The-rise-and-fall-of-the-Airbus-A3802

The rise and fall of the Airbus A380

There have been many impressive airplanes that have enabled people to travel to far off countries that would be otherwise impossible for them to access. These planes need to be made from strong materials and able to withstand extremes of weather and temperature. The panels are made from lightweight metals that are then coated using Plasma Spray that gives it a strong outer coating so it can cope with the pressure of take off and landing.

One plane that enables a large number of people to fly across the world is the Airbus A380. It was conceived at around the time that another  transatlantic trailblazer, Concorde was about to be decommissioned. The contrasts between the two in aeronautical design could not be different. Concorde was sleek and able to travel faster than the speed of sound. It could take a passenger to New York from London in four hours, as opposed to the conventional eight hours, However, there was an issue. Firstly, it was immensely loud and anyone in its flight path, especially the North Americans who lived in its incoming direction bitterly contested it. Secondly, only the super rich could afford to fly on it and, finally, it was incredibly cramped. It could carry up to 92 to 128 passengers at a time.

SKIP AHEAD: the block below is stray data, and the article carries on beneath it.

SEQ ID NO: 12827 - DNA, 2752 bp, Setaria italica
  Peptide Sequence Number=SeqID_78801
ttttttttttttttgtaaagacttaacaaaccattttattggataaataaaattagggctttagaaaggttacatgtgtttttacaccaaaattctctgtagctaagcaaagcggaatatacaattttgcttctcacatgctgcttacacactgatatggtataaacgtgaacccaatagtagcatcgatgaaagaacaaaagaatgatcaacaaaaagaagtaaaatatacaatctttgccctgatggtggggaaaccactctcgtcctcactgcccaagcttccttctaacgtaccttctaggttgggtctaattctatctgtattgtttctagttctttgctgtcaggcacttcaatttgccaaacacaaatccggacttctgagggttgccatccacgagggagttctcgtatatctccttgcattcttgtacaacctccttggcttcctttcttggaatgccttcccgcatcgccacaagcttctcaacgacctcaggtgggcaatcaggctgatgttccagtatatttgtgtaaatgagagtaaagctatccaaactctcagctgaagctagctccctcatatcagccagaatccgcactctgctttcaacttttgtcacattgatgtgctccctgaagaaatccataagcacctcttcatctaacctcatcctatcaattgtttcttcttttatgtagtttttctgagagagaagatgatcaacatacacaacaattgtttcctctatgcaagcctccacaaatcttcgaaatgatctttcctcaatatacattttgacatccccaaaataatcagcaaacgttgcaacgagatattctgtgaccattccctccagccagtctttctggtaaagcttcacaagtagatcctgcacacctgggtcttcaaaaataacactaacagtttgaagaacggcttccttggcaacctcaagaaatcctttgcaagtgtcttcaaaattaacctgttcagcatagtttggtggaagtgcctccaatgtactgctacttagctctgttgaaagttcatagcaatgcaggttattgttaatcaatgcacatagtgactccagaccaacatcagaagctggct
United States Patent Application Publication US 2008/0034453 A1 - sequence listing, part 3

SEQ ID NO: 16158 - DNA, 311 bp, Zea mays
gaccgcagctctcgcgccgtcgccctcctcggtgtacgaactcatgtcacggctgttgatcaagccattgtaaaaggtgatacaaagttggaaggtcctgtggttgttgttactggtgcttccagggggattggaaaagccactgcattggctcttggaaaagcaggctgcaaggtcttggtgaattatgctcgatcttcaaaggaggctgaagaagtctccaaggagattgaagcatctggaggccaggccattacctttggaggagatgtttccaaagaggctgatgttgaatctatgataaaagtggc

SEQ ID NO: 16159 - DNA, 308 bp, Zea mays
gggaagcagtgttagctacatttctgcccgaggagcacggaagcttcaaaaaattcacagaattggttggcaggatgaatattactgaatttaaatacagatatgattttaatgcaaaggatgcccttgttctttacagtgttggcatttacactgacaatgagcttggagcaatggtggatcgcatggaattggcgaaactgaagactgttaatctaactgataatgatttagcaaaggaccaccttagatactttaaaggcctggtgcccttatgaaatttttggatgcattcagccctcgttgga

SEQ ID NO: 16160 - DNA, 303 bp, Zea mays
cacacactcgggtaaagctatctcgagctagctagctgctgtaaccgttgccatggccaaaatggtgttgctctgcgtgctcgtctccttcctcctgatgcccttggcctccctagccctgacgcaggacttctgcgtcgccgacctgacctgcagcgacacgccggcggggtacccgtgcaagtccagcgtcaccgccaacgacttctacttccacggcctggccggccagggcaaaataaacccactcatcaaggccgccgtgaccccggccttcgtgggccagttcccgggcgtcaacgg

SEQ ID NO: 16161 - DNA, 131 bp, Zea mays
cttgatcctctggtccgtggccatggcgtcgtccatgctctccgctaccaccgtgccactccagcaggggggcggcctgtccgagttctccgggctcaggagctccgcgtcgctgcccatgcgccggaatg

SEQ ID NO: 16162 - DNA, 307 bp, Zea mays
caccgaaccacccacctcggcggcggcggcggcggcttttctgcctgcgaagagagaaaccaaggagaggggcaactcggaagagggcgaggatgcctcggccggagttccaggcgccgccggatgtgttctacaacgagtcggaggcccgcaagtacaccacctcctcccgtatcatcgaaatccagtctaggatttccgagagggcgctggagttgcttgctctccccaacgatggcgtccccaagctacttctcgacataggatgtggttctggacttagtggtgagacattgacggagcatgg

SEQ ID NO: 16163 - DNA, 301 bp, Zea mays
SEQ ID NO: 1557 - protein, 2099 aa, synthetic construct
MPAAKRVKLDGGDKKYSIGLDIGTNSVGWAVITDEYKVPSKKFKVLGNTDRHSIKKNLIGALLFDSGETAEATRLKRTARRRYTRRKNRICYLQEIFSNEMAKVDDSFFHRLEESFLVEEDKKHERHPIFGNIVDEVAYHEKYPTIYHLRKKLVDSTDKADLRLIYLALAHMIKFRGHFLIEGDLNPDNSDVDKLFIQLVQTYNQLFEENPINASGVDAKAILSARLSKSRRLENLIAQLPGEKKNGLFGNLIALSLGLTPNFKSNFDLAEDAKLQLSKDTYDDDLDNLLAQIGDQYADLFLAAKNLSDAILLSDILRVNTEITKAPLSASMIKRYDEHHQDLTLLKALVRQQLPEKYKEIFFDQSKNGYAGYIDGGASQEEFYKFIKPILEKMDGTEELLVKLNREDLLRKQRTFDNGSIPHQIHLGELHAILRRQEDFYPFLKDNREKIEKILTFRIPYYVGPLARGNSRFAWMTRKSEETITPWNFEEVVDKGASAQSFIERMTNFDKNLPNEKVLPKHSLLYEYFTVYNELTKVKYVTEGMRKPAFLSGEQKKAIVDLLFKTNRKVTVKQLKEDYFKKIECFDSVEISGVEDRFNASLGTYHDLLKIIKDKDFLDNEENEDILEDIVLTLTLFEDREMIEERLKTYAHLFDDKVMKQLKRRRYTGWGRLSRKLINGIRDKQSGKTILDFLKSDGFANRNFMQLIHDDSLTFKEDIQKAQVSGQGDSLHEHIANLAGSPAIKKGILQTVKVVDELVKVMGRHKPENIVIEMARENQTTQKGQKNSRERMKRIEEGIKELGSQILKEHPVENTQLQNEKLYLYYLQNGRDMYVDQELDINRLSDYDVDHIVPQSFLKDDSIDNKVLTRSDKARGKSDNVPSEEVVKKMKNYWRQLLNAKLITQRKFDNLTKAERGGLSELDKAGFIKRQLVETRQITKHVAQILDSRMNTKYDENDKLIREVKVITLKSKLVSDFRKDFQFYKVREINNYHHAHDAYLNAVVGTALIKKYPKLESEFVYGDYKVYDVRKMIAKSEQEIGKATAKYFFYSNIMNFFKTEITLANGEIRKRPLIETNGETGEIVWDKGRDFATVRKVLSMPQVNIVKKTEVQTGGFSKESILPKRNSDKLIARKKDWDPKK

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In response Boeing and Airbus were clever. Knowing that they couldn’t compete with speed they went for comfort instead. It may well take 8 hours to cross the Atlantic in an A380 but at least you have a bed and a large comfy seat to enjoy it in.

The main advantage of the A380 is that it can take 853 passengers. This is an incredible achievement in technological terms. The question of environmental cost also comes into play. Rather than ship one hundred people fast, using huge amounts of fuel, is it not better to move lots of passengers, and still use huge amounts of fuel. The industry soon saw it that way and Concorde was dropped.

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However, the A380s production has also been cancelled. No more of these hugely graceful planes, despite their size, will be built. The pressure on the lack of demand for summer holidays abroad has greatly reduced the volume of air traffic following the pandemic and a set of lockdowns

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